The data was collected from the Multi-Resolution Land Characteristics Consortium for land cover, and the National Water Quality Monitoring Council for water quality. Using a geographic information system, we automated a process to collect the data from monitoring stations, extracting land cover information for each delineated watershed. We then defined summary statistics, such as the proportions of each land-use type in a watershed. The result of multiple watershed analysis shows that land cover directly affects the quality of receiving water as watersheds containing high percentages of urban development discharge more pollution to the receiving water. With this knowledge, state and local managers and planners can protect drinking water sources and make the best possible development decisions.

A GIS Analysis of Sea Level Rise Impacts in Cohasset, Massachusetts
Melissa Higley
Carsten Braun
Westfield State University

Sea level rise (SLR) caused by human-induced global warming is arguably one of the most pressing global environmental issue of our times and the relative impacts of SLR tend to have the greatest effect on the most economically vulnerable people. Glaciers are currently shrinking at accelerated rates and a recent scientific study suggests that SLR could reach more than 6 feet by 2100 and more than 50 feet by 2500 due to potential instabilities of the two Antarctic ice sheets. In Massachusetts, much of the Greater Boston area is situated on the coast and SLR could potentially have a devastating impact on these communities.

The purpose of this GIS-based study was to analyze and visualize the environmental, social, and economic impacts of SLR (1, 2, 3, 4, 5, 6, and 15 meters) in the town of Cohasset, Massachusetts, specifically in terms of inundated town area, number of displaced people, and impacted critical civic and transportation infrastructure. This analysis also includes a more detailed assessment of the socio-economic characteristics of the displaced people as well as SLR impacts on ecological habitat, land use, and freshwater resources.

The results of this analysis are compared to similar assessments such as Climate Central Surging Seas and Sea Level Rise and Coastal Flooding Impacts by NOAA for consistency and additional context. The presented maps, analysis, and online visualizations can be used to determine a plan of action and to prioritize and implement effective mitigation strategies and adaptation measures as soon as possible.

Impacts of Sea Level Rise in Saugus, Massachusetts: A GIS Analysis
Stephanie Ladas
Carsten Braun
Westfield State University

Sea level rise (SLR) caused by human-induced global warming is arguably one of the most pressing global environmental issue of our times and the relative impacts of SLR tend to have the greatest effect on the most economically vulnerable people. Glaciers are currently shrinking at accelerated rates and a recent scientific study suggests that SLR could reach more than 6 feet by 2100 and more than 50 feet by 2500 due to potential instabilities of the two Antarctic ice sheets. In Massachusetts, much of the Greater Boston area is situated on the coast and SLR could potentially have a devastating impact on these communities.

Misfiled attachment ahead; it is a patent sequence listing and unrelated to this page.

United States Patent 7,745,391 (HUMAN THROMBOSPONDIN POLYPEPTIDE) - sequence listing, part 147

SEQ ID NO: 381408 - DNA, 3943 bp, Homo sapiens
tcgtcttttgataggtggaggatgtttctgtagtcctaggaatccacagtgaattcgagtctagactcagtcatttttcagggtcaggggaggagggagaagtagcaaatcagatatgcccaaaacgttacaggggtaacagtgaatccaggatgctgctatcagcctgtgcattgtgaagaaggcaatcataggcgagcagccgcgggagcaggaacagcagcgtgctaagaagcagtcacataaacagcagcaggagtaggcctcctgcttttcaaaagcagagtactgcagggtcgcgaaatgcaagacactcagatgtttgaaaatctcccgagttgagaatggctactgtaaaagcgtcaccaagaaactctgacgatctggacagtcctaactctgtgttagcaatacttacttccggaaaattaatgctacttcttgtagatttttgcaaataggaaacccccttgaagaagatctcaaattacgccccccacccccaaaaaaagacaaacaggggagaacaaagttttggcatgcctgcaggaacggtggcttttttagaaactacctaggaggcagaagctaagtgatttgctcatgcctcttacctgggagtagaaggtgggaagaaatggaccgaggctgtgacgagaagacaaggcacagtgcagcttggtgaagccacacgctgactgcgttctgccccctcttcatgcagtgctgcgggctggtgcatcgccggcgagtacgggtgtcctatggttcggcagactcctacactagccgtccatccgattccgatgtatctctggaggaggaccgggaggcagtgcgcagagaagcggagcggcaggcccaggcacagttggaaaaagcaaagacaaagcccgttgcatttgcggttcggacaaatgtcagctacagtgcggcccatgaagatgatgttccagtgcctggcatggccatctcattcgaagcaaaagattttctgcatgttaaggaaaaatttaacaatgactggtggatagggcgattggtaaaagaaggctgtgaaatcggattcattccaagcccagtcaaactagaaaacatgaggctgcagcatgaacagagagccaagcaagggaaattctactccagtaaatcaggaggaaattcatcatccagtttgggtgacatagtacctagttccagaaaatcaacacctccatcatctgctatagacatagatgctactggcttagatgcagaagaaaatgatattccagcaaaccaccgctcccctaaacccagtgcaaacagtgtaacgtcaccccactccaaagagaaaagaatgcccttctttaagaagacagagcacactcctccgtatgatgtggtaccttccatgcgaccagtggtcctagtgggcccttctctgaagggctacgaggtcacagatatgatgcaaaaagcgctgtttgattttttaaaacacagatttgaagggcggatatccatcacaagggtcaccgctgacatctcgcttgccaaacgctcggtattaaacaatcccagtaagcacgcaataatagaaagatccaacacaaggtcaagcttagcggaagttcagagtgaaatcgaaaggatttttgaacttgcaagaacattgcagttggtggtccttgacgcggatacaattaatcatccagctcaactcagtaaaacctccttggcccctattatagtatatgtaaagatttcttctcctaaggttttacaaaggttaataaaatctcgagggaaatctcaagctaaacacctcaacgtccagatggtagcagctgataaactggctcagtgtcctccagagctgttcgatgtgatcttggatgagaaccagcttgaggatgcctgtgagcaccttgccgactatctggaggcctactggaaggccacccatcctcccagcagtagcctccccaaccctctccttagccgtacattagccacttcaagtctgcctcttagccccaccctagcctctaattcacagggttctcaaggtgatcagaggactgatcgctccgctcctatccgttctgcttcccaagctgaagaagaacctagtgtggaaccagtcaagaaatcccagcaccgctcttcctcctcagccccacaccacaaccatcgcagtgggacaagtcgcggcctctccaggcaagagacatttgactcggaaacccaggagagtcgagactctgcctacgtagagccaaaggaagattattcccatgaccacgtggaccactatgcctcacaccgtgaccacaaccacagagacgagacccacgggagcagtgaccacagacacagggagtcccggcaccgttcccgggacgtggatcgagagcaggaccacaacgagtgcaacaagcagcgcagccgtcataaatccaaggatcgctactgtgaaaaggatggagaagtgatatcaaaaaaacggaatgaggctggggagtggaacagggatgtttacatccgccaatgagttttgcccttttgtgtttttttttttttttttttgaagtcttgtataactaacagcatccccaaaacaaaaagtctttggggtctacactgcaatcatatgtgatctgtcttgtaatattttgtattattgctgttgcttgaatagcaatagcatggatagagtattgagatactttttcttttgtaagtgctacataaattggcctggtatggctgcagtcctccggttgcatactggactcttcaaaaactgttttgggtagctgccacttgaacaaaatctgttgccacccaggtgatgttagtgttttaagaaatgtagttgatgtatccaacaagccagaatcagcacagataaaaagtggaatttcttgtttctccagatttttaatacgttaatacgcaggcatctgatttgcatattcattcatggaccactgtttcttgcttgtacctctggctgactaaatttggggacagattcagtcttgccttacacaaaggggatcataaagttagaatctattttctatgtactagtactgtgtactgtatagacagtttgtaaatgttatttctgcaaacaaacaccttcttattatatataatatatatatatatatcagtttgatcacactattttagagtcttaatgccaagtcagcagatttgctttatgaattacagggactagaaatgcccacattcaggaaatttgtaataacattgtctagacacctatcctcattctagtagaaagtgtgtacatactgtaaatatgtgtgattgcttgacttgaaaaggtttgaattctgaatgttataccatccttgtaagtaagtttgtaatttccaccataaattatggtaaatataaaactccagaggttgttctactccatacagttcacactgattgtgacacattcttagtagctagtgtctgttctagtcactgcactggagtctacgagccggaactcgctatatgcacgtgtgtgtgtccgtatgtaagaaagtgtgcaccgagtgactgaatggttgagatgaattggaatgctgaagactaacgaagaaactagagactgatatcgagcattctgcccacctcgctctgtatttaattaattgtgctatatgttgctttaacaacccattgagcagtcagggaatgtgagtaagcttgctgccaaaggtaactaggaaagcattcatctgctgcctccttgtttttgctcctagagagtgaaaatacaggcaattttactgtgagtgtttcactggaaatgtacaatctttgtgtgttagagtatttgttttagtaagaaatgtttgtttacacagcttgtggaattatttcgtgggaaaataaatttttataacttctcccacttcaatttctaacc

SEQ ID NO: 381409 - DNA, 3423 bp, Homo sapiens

The purpose of this GIS-based study was to analyze and visualize the environmental, social, and economic impacts of SLR (1, 2, 3, 4, 5, 6, and 15 meters) in the town of Saugus, Massachusetts, specifically in terms of inundated town area, number of displaced people, and impacted critical civic and transportation infrastructure. This analysis also includes a more detailed assessment of the socio-economic characteristics of the displaced people as well as SLR impacts on ecological habitat, land use, and freshwater resources.

The results of this analysis are compared to similar assessments such as Climate Central Surging Seas and Sea Level Rise and Coastal Flooding Impacts by NOAA for consistency and additional context. The presented maps, analysis, and online visualizations can be used to determine a plan of action and to prioritize and implement effective mitigation strategies and adaptation measures as soon as possible.

Visualizing Prison Gerrymandering Using Cartograms
Orlando Rodriguez
CT Latino and Puerto Rican Affairs Commission

Two cartograms were created using an ArcGIS script. The cartograms show the distribution of prison populations in Connecticut compared to the hometowns of the incarcerated population. This was used to inform legislators on how political representation is skewed to benefit prison towns at the expense of non-prison towns. Furthermore, the political representation of minority populations is reduced when minorities are incarcerated in rural areas that are predominately non-Hispanic white.

 
 
Soil Transmissivity Index: A New Geospatial Environmental Coverage for Environmental Assessment in Rhode Island
Marissa Simpson
Art Gold
Kelly Addy
Soni Pradhanang
University of Rhode Island

TOPMODEL is a rainfall runoff model that can provide high resolution, spatially explicit estimates of areas of soil wetness and surface runoff networks (Betson 1964, Beven and Freer 1996). TOPMODEL uses topography, soil conductivity, and soil depth to create an index of soil transmissivity index (STI). In this study, TOPMODEL was used to create a spatially explicit raster-based model of STI for the state of Rhode Island.